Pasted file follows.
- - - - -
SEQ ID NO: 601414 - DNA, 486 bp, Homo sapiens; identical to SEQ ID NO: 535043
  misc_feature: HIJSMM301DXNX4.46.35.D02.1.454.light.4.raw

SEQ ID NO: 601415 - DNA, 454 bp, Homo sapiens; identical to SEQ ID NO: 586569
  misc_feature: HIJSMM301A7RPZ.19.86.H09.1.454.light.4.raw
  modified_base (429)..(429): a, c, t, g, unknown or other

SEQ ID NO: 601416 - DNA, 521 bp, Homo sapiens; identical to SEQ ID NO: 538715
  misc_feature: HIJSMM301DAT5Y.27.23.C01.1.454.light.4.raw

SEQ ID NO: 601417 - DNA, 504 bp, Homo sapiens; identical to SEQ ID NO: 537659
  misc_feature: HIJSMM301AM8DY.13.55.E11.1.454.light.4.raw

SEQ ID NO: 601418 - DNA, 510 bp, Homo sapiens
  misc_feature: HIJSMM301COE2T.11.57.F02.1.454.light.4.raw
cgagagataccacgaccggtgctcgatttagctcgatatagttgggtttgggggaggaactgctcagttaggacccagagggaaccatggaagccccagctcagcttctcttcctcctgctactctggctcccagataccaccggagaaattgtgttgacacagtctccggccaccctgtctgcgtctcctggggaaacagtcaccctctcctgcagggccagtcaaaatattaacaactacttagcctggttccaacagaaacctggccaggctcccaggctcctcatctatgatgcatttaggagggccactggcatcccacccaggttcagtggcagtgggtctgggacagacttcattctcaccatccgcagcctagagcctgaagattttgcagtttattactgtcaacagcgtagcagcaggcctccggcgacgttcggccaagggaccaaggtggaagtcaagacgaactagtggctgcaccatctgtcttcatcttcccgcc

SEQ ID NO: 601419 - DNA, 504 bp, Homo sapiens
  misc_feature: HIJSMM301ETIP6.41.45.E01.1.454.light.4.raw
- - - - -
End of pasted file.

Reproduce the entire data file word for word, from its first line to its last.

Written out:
SEQ ID NO: 601414 - DNA, 486 bp, Homo sapiens; identical to SEQ ID NO: 535043
  misc_feature: HIJSMM301DXNX4.46.35.D02.1.454.light.4.raw

SEQ ID NO: 601415 - DNA, 454 bp, Homo sapiens; identical to SEQ ID NO: 586569
  misc_feature: HIJSMM301A7RPZ.19.86.H09.1.454.light.4.raw
  modified_base (429)..(429): a, c, t, g, unknown or other

SEQ ID NO: 601416 - DNA, 521 bp, Homo sapiens; identical to SEQ ID NO: 538715
  misc_feature: HIJSMM301DAT5Y.27.23.C01.1.454.light.4.raw

SEQ ID NO: 601417 - DNA, 504 bp, Homo sapiens; identical to SEQ ID NO: 537659
  misc_feature: HIJSMM301AM8DY.13.55.E11.1.454.light.4.raw

SEQ ID NO: 601418 - DNA, 510 bp, Homo sapiens
  misc_feature: HIJSMM301COE2T.11.57.F02.1.454.light.4.raw
cgagagataccacgaccggtgctcgatttagctcgatatagttgggtttgggggaggaactgctcagttaggacccagagggaaccatggaagccccagctcagcttctcttcctcctgctactctggctcccagataccaccggagaaattgtgttgacacagtctccggccaccctgtctgcgtctcctggggaaacagtcaccctctcctgcagggccagtcaaaatattaacaactacttagcctggttccaacagaaacctggccaggctcccaggctcctcatctatgatgcatttaggagggccactggcatcccacccaggttcagtggcagtgggtctgggacagacttcattctcaccatccgcagcctagagcctgaagattttgcagtttattactgtcaacagcgtagcagcaggcctccggcgacgttcggccaagggaccaaggtggaagtcaagacgaactagtggctgcaccatctgtcttcatcttcccgcc

SEQ ID NO: 601419 - DNA, 504 bp, Homo sapiens
  misc_feature: HIJSMM301ETIP6.41.45.E01.1.454.light.4.raw